Trouble Every Day (2001), Claire Denis’ wigged-out take on the vampire film, is one of the strangest variations on the genre, which has a history of unusual takes.
Béatrice Dalle (Betty Blue) stars as a madwoman who is locked in the basement of a Paris home by a scientist (Alex Descas) because of her propensity to literally devour her lovers. That doesn’t stop her from luring victims to her basement prison with the enticement of sex. Vincent Gallo co-stars as an American afflicted with the same disease who comes to Paris in search of the doctor, hoping to curb his tendencies before he attacks his newlywed wife (Tricia Vassey).
It’s a cannibal film, but in the Cronenberg sense—horror as biology and disease and psychological transformation—with Denis’s weird mix of too much intimacy and observational distance. The tangle of sex and death is obvious but no less visceral: Dahl giggles and coos and barks in pleasure as caressing and kissing becomes orgiastic biting, sex as a feral drive that ends with her eating her lover for dinner. She’s never sadistic; it’s more like playing with her food.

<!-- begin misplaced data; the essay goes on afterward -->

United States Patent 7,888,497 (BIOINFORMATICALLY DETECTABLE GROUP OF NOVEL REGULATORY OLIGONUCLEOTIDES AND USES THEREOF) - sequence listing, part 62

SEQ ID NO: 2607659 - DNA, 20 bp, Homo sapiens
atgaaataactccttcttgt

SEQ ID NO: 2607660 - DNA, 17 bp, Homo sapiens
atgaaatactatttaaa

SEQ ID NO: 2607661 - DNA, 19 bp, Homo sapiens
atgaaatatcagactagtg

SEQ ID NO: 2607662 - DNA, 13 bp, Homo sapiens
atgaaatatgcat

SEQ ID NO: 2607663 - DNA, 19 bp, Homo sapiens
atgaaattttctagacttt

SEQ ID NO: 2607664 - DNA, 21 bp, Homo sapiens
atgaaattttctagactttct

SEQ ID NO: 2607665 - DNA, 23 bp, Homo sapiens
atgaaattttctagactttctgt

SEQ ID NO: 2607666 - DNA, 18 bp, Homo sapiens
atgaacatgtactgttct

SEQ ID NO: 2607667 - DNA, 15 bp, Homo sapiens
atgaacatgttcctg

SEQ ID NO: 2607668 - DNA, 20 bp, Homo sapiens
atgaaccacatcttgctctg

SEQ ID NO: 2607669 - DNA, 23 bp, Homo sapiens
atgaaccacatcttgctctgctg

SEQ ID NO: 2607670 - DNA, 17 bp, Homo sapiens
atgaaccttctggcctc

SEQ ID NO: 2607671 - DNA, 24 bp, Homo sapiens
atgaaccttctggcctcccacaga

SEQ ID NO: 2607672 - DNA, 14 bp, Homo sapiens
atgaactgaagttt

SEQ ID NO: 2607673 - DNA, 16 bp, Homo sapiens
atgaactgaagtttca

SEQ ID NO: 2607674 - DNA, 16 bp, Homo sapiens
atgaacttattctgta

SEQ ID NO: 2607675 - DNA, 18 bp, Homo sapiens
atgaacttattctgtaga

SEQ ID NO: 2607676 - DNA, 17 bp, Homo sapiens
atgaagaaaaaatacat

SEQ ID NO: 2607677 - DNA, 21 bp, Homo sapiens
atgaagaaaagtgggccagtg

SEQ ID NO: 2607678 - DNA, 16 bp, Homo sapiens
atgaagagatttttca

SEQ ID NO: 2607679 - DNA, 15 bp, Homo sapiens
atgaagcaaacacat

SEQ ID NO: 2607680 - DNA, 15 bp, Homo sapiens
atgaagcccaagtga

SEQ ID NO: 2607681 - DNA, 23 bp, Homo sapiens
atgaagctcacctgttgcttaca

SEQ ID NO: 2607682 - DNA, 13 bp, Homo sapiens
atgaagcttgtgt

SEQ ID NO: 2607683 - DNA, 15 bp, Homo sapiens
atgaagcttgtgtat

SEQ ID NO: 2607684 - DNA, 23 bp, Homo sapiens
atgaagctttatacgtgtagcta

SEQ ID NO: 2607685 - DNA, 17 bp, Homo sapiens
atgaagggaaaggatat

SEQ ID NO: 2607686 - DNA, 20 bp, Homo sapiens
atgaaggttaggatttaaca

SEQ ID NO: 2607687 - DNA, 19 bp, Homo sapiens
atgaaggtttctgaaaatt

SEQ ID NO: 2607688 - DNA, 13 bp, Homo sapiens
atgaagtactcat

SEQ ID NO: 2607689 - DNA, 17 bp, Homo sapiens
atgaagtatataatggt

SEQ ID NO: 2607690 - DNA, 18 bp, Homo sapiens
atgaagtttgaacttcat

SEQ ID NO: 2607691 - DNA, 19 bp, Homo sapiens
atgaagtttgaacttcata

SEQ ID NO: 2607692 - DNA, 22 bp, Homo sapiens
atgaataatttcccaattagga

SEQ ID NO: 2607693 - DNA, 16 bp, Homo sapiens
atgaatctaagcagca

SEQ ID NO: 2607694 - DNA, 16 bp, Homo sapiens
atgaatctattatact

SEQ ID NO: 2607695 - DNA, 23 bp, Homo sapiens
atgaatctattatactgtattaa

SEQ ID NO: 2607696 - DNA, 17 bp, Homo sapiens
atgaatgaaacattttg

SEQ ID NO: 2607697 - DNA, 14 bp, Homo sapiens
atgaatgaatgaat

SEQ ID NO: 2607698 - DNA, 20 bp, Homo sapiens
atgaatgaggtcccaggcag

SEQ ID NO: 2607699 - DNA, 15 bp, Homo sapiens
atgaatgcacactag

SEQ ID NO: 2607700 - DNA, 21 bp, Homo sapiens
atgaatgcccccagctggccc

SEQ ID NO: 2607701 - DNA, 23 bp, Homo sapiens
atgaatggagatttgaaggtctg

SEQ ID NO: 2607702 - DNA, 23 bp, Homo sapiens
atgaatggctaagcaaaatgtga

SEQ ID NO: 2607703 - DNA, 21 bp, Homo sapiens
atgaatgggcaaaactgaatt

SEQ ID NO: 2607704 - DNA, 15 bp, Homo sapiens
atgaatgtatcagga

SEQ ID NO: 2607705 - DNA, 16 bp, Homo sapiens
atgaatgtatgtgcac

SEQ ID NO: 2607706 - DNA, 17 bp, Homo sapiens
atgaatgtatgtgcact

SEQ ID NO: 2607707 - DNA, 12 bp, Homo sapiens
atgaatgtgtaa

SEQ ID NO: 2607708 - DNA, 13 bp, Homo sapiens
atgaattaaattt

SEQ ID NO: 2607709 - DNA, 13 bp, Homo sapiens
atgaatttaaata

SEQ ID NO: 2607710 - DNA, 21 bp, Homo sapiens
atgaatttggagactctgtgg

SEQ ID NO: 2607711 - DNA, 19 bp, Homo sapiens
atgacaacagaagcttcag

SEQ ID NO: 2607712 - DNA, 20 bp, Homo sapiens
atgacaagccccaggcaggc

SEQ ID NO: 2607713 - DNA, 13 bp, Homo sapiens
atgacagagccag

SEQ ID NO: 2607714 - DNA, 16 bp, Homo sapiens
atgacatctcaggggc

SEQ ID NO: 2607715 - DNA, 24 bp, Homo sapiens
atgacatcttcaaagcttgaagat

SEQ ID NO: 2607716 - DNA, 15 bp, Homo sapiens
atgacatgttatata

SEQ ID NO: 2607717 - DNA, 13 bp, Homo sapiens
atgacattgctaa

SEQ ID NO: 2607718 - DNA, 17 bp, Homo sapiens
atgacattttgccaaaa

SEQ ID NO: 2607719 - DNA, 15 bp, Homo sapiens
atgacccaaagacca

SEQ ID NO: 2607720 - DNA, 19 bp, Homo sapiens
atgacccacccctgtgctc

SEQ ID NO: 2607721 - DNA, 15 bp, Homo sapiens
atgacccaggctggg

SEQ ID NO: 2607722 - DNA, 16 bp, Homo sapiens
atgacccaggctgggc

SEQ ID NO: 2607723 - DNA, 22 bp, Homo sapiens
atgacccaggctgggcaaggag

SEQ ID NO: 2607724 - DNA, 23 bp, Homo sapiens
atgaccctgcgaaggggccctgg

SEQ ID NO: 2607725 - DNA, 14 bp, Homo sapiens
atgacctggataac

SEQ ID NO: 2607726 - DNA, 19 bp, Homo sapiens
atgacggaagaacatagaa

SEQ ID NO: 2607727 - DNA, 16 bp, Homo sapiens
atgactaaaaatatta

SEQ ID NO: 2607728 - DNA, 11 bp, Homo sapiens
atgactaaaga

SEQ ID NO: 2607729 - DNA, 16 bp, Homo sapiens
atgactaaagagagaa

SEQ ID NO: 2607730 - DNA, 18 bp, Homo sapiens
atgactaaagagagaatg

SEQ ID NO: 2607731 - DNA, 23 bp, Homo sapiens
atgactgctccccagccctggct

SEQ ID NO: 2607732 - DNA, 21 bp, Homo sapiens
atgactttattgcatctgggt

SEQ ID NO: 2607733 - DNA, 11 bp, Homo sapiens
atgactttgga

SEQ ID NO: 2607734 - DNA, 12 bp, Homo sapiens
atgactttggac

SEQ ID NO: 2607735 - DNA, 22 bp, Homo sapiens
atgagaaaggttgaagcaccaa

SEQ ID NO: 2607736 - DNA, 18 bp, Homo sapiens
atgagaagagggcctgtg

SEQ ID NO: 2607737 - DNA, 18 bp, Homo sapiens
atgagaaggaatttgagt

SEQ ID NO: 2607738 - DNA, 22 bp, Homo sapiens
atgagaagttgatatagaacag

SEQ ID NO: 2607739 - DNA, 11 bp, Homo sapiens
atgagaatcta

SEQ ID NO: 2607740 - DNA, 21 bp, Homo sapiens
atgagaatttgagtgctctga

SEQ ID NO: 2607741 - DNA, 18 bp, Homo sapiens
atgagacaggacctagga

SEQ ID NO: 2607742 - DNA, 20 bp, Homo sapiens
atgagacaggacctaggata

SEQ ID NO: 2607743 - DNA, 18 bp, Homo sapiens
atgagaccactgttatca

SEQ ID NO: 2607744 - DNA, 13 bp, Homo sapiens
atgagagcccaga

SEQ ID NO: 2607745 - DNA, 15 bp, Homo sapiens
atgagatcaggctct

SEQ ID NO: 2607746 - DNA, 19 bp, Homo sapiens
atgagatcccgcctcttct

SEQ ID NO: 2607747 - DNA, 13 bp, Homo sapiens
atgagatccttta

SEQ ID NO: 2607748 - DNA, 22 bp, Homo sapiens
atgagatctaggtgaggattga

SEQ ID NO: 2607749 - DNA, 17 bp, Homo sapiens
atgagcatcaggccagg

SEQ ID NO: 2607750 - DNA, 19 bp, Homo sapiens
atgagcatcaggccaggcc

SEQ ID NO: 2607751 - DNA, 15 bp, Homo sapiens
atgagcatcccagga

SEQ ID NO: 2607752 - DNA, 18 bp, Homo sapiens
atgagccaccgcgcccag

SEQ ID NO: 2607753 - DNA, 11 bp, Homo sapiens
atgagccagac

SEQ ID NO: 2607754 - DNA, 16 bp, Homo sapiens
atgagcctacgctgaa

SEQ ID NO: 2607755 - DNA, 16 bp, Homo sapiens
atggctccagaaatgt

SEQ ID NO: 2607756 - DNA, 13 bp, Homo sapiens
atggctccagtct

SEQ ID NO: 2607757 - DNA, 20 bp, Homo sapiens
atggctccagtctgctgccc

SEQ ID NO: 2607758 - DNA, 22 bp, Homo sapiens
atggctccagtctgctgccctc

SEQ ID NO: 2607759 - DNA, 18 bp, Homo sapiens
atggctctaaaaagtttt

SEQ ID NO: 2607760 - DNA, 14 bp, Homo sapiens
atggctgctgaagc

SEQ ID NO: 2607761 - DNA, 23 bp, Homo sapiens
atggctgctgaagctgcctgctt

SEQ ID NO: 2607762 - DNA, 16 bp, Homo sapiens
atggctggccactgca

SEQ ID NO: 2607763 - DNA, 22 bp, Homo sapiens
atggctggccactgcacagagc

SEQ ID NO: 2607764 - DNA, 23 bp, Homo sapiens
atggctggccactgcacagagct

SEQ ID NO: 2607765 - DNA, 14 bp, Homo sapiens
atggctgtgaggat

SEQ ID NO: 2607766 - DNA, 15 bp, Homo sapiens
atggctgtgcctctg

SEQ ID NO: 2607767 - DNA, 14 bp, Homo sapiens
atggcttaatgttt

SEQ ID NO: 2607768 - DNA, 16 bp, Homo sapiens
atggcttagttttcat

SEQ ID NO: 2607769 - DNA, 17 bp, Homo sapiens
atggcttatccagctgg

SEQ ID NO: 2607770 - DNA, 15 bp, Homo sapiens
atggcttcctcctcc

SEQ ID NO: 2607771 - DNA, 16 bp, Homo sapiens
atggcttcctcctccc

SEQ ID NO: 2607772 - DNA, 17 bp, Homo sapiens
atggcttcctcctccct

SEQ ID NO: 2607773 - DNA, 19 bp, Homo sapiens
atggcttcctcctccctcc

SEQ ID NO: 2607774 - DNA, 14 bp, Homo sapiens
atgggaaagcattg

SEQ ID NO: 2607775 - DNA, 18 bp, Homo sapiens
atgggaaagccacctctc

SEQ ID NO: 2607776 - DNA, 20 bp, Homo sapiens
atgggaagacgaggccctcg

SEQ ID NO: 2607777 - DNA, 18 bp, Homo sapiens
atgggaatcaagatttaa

The film was lambasted on its original release for its excesses—it is filled with flesh and blood and hunger played as sexual appetite—but it is gorgeous and raw and primal, a mix of horror and erotica. This has its champions but for the most part it was too arty and enigmatic for horror fans and too violent for foreign movie fans. Maybe times have caught with it now: Trouble Every Day found new champions on a theatrical revival and a disc release earlier this decade.
Not rated, features exolicit violence and nudity